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Qualifications of The Monastery Cellarer

Monday, July 8, 2024
Chapter 31

As cellarer of the monastery, there should be chosen from the community someone who is wise, mature in conduct, temperate, not an excessive eater, not proud, excitable, offensive, dilatory or wasteful, but God-fearing, and like a parent to the whole community. The cellarer will take care of everything, but will do nothing without an order from the prioress or abbot. Let the cellarer keep to those orders.

Benedictine spirituality refuses to glorify a life of false frugality or fabricated irritations. The person who handles the supplies of the monastery, the cellarer, is to distribute the goods of the monastery calmly, kindly, without favoritism and under the guidance of the abbot or prioress, not to put people under obligation to them or to wreak vengeance on those who rebuff them.

The cellarer does more than distribute goods. The cellarer becomes a model for the community, a person who is to be "temperate," not a person who is "an excessive eater," not someone in other words with rich tastes and a limitless appetite for material things. Benedict wants the cellarer to be someone who knows the difference between needs and desires, who will see that the community has what is necessary but does not begin the long, slippery road into excess and creature comforts and indolence and soft-souledness. In the house of Benedict, the principles of the life live in ways no words can convey, in the people who carry them out. The call to be what we say we believe becomes a measure of authenticity for teachers, parents and administrators everywhere.

The cellarer should not annoy the members. If anyone happens to make an unreasonable demand, the cellarer should not reject that person with disdain and cause distress, but reasonably and humbly deny the improper request. Let cellarers keep watch over their own souls, ever mindful of that saying of the apostle:"They who serve well secure a good standing for themselves (1 Tm 3:13)." The cellarer must show every care and concern for the sick, young, guests and the poor, knowing for certain that they will be held accountable for all of them on the day of judgment. The cellarer will regard all utensils and goods of the monastery as sacred vessels of the altar, aware that nothing is to be neglected. Cellarers should not be prone to greed, not be wasteful and extravagant with the goods of the monastery, but should do everything with moderation and according to the order of the prioress or abbot.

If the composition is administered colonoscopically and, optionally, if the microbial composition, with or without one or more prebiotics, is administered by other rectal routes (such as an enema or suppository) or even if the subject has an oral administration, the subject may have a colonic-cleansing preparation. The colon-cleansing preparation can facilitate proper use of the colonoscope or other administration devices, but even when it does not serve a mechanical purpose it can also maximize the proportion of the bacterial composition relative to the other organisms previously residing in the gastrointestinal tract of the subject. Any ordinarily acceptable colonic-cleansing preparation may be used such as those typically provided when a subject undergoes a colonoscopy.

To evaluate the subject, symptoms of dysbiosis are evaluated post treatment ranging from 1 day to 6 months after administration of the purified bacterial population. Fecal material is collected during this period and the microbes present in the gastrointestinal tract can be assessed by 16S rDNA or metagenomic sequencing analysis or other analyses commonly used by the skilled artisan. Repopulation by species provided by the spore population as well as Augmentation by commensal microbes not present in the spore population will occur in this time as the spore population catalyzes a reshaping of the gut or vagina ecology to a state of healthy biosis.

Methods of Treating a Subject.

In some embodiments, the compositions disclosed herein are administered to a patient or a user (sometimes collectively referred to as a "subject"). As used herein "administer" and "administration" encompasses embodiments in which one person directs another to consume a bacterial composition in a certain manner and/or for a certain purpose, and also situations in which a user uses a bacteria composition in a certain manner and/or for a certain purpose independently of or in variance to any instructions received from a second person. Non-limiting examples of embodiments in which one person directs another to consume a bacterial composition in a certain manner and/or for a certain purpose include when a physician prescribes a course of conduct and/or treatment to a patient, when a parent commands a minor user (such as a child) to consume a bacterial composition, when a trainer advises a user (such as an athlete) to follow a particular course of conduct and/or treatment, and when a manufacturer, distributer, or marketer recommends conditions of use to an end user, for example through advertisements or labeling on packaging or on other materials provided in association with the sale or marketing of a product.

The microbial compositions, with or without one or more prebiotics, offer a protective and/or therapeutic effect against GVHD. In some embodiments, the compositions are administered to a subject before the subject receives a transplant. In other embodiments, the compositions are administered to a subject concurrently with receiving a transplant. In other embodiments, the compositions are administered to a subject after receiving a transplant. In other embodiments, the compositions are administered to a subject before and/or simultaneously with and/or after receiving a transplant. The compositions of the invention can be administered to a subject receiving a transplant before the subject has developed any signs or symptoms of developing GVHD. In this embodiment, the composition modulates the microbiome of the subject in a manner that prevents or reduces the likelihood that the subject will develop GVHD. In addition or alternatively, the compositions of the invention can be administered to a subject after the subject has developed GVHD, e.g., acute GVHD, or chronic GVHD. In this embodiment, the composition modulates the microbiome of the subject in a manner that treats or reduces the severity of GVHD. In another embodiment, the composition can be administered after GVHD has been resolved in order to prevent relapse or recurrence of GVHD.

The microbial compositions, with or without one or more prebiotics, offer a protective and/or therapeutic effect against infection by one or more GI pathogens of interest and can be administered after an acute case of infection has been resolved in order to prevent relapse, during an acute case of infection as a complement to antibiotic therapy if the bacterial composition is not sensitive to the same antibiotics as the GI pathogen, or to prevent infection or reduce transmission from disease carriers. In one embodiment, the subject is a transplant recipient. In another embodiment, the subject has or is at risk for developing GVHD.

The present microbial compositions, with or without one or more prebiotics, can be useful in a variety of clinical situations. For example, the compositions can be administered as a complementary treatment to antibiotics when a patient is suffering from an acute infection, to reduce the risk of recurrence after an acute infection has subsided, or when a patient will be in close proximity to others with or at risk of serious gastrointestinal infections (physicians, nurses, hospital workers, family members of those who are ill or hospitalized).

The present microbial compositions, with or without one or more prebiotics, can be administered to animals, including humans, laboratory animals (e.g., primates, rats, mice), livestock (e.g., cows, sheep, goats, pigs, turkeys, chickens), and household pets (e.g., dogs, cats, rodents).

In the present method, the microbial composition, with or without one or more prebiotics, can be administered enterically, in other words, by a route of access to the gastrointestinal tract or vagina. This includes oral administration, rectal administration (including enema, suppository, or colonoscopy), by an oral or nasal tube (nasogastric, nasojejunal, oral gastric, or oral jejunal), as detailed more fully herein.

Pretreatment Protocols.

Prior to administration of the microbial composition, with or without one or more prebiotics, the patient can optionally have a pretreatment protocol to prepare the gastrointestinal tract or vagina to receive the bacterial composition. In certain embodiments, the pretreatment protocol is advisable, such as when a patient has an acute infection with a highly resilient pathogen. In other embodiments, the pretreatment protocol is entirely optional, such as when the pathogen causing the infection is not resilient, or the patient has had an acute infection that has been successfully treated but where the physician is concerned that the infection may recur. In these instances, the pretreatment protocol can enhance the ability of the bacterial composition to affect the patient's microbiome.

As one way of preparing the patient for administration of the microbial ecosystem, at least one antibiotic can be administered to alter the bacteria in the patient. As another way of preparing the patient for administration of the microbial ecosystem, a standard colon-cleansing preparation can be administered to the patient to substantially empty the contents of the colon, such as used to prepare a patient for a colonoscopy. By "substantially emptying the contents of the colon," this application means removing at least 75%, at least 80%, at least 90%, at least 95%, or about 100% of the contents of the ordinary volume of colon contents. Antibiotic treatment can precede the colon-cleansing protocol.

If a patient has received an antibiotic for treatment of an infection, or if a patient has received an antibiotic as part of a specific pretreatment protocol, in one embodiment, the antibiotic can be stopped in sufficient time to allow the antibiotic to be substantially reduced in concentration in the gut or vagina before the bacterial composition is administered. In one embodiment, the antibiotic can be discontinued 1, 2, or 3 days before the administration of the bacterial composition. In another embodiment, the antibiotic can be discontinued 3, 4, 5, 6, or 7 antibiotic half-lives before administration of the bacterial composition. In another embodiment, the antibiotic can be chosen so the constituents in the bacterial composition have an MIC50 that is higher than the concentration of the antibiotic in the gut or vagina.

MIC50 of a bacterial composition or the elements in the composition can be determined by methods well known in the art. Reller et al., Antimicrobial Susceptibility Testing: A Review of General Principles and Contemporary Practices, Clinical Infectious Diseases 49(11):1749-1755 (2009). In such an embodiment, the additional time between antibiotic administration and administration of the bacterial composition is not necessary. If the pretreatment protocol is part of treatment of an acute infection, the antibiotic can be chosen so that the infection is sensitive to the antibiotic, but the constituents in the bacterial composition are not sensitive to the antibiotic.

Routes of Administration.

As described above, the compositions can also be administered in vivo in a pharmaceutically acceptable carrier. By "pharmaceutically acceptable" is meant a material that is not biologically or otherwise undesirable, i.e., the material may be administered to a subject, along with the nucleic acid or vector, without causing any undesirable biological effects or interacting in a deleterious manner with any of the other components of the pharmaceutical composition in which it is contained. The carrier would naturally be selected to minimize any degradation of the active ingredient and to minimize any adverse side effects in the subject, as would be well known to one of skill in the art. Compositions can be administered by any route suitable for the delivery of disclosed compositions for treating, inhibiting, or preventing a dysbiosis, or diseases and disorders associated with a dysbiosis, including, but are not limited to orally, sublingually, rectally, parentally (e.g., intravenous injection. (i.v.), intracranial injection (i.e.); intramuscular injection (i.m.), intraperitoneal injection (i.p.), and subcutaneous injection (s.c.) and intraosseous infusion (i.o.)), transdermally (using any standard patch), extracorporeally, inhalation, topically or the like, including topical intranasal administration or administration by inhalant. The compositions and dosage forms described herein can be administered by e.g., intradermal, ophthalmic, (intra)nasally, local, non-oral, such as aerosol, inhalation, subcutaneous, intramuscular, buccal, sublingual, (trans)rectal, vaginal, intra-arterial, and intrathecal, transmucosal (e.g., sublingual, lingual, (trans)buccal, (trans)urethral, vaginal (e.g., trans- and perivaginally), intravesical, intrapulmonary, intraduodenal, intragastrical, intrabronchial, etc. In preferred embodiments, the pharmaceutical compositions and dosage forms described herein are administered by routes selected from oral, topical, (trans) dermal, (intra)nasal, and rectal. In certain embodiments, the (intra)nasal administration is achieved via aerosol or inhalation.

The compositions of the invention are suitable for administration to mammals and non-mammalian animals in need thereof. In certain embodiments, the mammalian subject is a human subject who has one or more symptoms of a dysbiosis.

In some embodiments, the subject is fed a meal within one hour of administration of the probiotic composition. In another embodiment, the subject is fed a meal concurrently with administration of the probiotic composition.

If Chapter 31 is anything at all, it is a treatment of human relationships. The one with power is not to annoy the powerless. The one with needs is not to demand. The chapter stands as stark warning to people in positions of authority and responsibility, whatever their station. They are to "keep watch of their own souls" guarding themselves against the pitfalls of any position: arrogance, disinterest, unkindness, aloofness from the very people the position is designed to serve. Then, to make the point clear, Benedict describes the people who are not to get overlooked for the sake of efficiency in the bureaucratic game of hurry up and wait. And they are everybody who cannot possibly be expected to want things when the office is open: the sick, the young, the guests and the poor. The one who has power and resources, the Rule says, must know for certain that "they will be held accountable for all of them on the day of judgment." As will we all who find ourselves too busy, too insensitive, too uncaring to see that the goods of the earth are given to the poor ones who have as much claim on the Garden as we but no way to get the staples of life for themselves. As will we all who use our positions to diminish the people in behalf of whom we bear responsibility by wearing them down and wearing them out while we dally with their needs. The spouse who lets the door swell to sticking before fixing it, or serves the meal an hour after its time; the employer who never buys the new file cabinet; the superior who never sees the staff personally, all fail in the Benedictine spirituality of service for the sake of the person that is taught in this chapter.

But the cellarer must do more than take care of people. A Benedictine cellarer has a responsibility to take care of things, too. Waste is not a Benedictine virtue. Planned obsolescence is not a Benedictine goal. Disposability is not a Benedictine quality. A Benedictine soul is a soul that takes care of things, that polishes wood and scrapes away rust and keeps a room clean and never puts feet on the furniture and mulches the garden and leaves trees standing and "treats all utensils and goods of the monastery like the sacred vessels of the altar." A Benedictine cares for the earth and all things well. The Benedictine heart practiced ecology before it was a word.